food

Everything you need to know about teenagers and nutrition, according to an expert.

Endeavour College of Natural Health
Thanks to our brand partner, Endeavour College of Natural Health

Nutrition is a sensitive topic, especially when it comes to teenagers, who are at an absolute peak of physical, emotional and mental changes. 

For parents, it can be a difficult balancing act between wanting to do what’s best for their teenager’s physical health, while not adversely affecting their mental health at the same time. 

To get a better understanding of how to ensure our teenagers are at their happiest, we spoke to Endeavour College nutrition lecturers Kerry Beake and Lisa Fiocchini.

Kerry stresses that it's important for parents to provide a supportive, judgement-free space for your teen to develop a healthy relationship with food and their body. 

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“It is important to keep in mind that teenagers are already exposed to many — often contradicting — messages around diets, health and nutrition, especially from social media and various influencers. This is also a group that faces increased risk for body image issues,” Kerry tells Mamamia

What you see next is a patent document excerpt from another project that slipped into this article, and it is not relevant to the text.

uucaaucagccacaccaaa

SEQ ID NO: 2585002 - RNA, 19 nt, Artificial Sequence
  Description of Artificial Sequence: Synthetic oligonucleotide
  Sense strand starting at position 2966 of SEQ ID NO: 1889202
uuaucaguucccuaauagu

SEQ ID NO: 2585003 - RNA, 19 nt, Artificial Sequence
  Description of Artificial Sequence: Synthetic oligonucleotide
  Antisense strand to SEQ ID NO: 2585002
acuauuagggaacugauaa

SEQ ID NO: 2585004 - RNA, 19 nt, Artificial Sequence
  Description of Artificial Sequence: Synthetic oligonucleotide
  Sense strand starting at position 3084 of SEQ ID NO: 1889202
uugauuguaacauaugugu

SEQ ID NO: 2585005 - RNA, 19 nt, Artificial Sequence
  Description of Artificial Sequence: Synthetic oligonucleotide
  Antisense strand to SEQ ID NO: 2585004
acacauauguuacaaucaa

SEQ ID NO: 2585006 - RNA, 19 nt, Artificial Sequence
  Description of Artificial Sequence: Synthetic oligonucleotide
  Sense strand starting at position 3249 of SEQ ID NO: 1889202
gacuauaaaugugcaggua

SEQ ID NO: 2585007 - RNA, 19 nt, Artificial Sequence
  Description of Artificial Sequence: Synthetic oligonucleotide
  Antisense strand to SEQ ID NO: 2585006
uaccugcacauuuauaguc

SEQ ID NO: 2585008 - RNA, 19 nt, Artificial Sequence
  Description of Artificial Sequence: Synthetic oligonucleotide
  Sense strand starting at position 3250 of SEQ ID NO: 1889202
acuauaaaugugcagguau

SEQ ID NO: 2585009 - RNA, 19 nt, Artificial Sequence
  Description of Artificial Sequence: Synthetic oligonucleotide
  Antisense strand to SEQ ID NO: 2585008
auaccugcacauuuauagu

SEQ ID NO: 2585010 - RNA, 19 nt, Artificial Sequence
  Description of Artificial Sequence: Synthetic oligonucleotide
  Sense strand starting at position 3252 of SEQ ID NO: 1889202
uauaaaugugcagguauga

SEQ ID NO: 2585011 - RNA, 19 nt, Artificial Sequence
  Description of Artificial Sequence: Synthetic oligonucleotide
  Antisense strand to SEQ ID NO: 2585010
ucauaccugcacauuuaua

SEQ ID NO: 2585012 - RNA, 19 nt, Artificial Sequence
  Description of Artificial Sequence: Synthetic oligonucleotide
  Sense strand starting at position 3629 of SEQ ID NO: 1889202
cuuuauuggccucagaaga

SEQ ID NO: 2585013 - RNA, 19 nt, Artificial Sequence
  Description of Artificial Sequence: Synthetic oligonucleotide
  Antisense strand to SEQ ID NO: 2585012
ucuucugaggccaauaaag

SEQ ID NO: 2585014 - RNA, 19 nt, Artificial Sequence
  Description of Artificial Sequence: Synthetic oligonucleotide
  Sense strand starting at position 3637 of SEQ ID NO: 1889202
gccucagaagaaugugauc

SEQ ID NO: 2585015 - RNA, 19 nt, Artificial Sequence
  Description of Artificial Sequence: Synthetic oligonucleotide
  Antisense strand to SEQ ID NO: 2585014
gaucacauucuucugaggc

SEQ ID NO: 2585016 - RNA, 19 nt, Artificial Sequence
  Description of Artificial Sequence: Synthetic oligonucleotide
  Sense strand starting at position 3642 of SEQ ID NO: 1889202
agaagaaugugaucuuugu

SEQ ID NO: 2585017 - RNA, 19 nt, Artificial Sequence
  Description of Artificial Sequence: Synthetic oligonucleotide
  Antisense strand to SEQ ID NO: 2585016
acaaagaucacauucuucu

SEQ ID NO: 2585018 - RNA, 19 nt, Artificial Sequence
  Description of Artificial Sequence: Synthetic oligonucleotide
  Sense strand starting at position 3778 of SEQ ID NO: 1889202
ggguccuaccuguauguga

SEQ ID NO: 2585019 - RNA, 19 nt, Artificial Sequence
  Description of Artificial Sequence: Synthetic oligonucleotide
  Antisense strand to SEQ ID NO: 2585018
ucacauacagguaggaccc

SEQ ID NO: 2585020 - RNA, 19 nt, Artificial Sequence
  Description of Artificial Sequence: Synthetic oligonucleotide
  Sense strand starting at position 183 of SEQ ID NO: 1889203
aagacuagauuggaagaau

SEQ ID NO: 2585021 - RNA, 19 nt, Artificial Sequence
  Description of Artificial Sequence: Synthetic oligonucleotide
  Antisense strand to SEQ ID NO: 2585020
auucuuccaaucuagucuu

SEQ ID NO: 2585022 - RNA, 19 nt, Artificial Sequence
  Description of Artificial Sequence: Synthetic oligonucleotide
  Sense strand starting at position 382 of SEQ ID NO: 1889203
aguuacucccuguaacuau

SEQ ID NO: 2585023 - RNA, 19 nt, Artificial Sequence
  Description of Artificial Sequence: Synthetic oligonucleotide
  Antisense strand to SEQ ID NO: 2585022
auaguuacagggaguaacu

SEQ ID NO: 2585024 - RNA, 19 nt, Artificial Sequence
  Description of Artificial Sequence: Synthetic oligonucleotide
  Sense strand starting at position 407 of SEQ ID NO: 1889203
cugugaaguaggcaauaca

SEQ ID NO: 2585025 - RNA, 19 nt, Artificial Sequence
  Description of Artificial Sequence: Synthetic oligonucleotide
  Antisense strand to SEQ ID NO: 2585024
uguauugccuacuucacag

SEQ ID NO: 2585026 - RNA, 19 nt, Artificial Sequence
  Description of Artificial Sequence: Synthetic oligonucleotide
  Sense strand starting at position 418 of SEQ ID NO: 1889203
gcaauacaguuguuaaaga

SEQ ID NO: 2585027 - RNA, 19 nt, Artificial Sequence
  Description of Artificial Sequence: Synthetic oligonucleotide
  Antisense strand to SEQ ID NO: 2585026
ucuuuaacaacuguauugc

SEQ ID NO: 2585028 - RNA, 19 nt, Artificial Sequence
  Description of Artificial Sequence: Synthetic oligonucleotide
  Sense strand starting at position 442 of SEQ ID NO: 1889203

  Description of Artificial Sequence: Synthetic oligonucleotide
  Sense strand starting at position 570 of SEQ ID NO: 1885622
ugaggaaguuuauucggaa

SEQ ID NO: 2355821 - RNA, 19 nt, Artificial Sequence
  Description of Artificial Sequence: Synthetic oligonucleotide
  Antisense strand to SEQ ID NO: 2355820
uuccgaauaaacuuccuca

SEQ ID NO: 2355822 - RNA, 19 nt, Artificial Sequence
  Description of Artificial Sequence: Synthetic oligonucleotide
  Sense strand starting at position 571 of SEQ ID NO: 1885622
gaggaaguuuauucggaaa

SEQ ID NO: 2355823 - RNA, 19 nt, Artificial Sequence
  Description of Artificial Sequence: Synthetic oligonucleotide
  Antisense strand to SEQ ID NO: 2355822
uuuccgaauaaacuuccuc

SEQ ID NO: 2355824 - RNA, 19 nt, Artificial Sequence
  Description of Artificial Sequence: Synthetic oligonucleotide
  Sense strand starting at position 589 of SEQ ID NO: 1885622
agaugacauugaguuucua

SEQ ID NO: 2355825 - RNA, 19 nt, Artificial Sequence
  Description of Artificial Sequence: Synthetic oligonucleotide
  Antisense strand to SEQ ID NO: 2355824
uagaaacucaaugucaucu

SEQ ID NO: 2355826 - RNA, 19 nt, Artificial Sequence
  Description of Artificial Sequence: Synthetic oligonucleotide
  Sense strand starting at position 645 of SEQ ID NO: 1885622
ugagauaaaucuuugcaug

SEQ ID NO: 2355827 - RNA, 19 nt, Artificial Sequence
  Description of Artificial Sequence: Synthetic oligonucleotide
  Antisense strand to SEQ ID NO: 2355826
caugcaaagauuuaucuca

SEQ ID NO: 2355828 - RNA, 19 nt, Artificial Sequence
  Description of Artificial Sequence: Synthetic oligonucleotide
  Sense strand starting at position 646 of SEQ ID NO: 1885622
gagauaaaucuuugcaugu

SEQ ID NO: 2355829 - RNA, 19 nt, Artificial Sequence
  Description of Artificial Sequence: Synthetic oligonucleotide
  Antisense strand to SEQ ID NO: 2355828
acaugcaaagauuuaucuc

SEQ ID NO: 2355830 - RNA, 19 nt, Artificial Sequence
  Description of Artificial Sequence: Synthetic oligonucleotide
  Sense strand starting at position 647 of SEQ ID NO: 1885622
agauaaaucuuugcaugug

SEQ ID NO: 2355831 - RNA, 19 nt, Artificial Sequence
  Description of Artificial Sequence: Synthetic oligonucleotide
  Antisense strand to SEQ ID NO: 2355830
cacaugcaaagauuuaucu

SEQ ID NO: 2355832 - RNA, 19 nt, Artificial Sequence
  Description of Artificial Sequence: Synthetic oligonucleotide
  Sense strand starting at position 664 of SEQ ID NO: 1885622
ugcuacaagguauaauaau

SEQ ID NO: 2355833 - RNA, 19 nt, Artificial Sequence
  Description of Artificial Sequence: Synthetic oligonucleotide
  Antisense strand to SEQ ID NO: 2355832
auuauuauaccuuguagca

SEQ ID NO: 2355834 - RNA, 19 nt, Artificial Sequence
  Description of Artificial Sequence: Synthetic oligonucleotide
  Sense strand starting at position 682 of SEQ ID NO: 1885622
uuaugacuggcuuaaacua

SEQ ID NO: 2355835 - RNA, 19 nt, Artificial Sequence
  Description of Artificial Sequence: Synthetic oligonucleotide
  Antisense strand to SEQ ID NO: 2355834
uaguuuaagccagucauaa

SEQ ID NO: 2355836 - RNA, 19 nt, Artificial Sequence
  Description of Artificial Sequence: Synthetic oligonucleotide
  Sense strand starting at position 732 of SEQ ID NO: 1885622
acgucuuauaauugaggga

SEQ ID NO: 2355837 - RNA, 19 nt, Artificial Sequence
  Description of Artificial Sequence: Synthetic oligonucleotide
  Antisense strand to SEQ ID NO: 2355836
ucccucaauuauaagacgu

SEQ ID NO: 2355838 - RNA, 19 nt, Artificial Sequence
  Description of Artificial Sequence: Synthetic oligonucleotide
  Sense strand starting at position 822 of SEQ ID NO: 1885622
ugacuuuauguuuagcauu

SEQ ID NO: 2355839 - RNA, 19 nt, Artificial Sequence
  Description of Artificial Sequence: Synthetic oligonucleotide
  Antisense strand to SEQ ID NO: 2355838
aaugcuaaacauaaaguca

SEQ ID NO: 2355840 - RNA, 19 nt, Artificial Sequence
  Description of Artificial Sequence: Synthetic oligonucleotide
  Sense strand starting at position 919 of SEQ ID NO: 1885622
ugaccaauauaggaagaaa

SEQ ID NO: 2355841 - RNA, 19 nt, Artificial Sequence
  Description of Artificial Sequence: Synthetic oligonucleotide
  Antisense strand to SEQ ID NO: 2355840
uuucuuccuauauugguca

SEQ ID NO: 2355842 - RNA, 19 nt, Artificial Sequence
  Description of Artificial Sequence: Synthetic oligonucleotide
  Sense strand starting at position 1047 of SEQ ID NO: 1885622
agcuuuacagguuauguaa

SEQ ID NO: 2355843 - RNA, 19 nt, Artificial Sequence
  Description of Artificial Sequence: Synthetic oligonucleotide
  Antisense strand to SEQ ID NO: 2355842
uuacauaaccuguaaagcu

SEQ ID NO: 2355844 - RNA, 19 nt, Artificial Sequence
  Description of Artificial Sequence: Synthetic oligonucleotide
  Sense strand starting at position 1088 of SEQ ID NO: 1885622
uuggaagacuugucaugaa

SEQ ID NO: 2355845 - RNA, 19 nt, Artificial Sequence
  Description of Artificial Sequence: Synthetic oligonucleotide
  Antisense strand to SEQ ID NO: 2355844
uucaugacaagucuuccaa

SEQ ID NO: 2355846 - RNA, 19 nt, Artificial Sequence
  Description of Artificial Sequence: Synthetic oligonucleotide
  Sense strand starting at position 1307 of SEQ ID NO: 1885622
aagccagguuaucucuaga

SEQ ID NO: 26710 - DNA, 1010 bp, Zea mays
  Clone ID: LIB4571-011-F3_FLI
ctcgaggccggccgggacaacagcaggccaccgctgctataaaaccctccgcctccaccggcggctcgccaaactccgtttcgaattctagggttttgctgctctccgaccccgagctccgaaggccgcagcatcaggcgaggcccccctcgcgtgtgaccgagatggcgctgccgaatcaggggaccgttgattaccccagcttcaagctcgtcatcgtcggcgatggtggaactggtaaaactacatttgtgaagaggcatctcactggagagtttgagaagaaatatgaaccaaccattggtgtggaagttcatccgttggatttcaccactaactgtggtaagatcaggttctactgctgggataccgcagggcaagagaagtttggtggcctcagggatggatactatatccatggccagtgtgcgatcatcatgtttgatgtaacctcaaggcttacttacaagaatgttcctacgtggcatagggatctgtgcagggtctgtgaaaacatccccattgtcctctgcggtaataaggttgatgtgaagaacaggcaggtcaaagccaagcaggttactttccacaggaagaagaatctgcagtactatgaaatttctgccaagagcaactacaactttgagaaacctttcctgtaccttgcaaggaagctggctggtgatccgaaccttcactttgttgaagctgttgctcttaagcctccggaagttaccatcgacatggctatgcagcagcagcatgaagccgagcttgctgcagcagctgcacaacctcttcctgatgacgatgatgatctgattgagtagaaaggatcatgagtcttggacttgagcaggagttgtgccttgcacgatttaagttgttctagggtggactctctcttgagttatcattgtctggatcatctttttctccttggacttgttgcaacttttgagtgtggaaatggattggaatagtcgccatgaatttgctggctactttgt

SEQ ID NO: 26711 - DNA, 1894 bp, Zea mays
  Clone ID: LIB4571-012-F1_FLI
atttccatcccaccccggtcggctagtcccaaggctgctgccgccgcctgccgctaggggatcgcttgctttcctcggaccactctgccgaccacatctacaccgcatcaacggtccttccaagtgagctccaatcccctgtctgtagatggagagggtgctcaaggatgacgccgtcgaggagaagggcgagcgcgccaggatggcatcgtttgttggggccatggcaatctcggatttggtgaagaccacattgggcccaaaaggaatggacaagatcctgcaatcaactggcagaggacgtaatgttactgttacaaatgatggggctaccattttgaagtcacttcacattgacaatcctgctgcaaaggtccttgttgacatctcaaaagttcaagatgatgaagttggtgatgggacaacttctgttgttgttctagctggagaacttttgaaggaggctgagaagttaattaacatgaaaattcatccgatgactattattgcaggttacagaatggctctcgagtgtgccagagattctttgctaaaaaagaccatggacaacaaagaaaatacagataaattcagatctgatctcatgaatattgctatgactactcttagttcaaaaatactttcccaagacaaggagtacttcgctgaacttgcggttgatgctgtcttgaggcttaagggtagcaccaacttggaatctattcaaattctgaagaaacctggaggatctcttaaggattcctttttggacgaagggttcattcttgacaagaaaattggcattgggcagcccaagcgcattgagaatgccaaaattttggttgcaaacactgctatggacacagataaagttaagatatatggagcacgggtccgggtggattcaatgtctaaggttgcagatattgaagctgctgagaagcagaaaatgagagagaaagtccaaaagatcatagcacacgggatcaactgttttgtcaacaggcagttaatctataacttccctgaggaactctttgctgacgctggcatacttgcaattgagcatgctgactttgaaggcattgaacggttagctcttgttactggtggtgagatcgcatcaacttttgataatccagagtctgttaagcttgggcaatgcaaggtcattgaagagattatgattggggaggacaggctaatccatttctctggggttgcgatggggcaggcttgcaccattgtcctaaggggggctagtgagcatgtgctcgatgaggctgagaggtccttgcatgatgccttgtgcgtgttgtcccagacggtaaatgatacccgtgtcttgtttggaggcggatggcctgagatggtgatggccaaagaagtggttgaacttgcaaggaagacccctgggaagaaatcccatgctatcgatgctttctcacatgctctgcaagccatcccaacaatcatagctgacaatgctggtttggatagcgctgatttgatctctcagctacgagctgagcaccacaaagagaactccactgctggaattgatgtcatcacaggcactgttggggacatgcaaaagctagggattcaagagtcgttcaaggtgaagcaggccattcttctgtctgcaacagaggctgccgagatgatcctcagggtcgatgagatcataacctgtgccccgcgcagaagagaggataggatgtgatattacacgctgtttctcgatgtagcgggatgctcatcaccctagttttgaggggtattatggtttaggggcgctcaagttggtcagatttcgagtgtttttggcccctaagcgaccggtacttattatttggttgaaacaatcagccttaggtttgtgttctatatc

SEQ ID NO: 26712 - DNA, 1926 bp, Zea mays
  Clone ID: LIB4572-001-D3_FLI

As a mum with a teenager (and two more in the making!), I had a lot of questions around nutrition for this very important stage, which Kerry and Lisa were kind enough to answer. 

If you’re a parent of teens — or coming up rapidly to being one — here’s everything you need to know about teenagers and nutrition (because the baby books don’t cover this!).

What types of food should my teenager be having in each meal?

When it comes to macros — protein, carbohydrates and fats — Kerry says there are a lot of confusing messages out there. And for teenagers, who, unlike adults, are growing and developing, additional nutrients are vital. But, she says, the ‘when’ doesn’t matter so much.

“There is no ideal time to eat these nutrients; it comes down to the individual’s needs and preferences. 

“Aiming for overall quality (more whole grains and fresh options), balance and variety will meet their nutritional needs.”  

As a rough guide, Kerry says teens should aim for five servings of vegetables, two servings of fruit, five-to-seven of grains and cereals, two-to-three of protein (lean meat, fish, eggs, poultry, nuts, seeds, legumes or beans) and three servings of dairy or a dairy alternative.

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How can I ensure my teenager is getting enough iron (especially after starting their period)?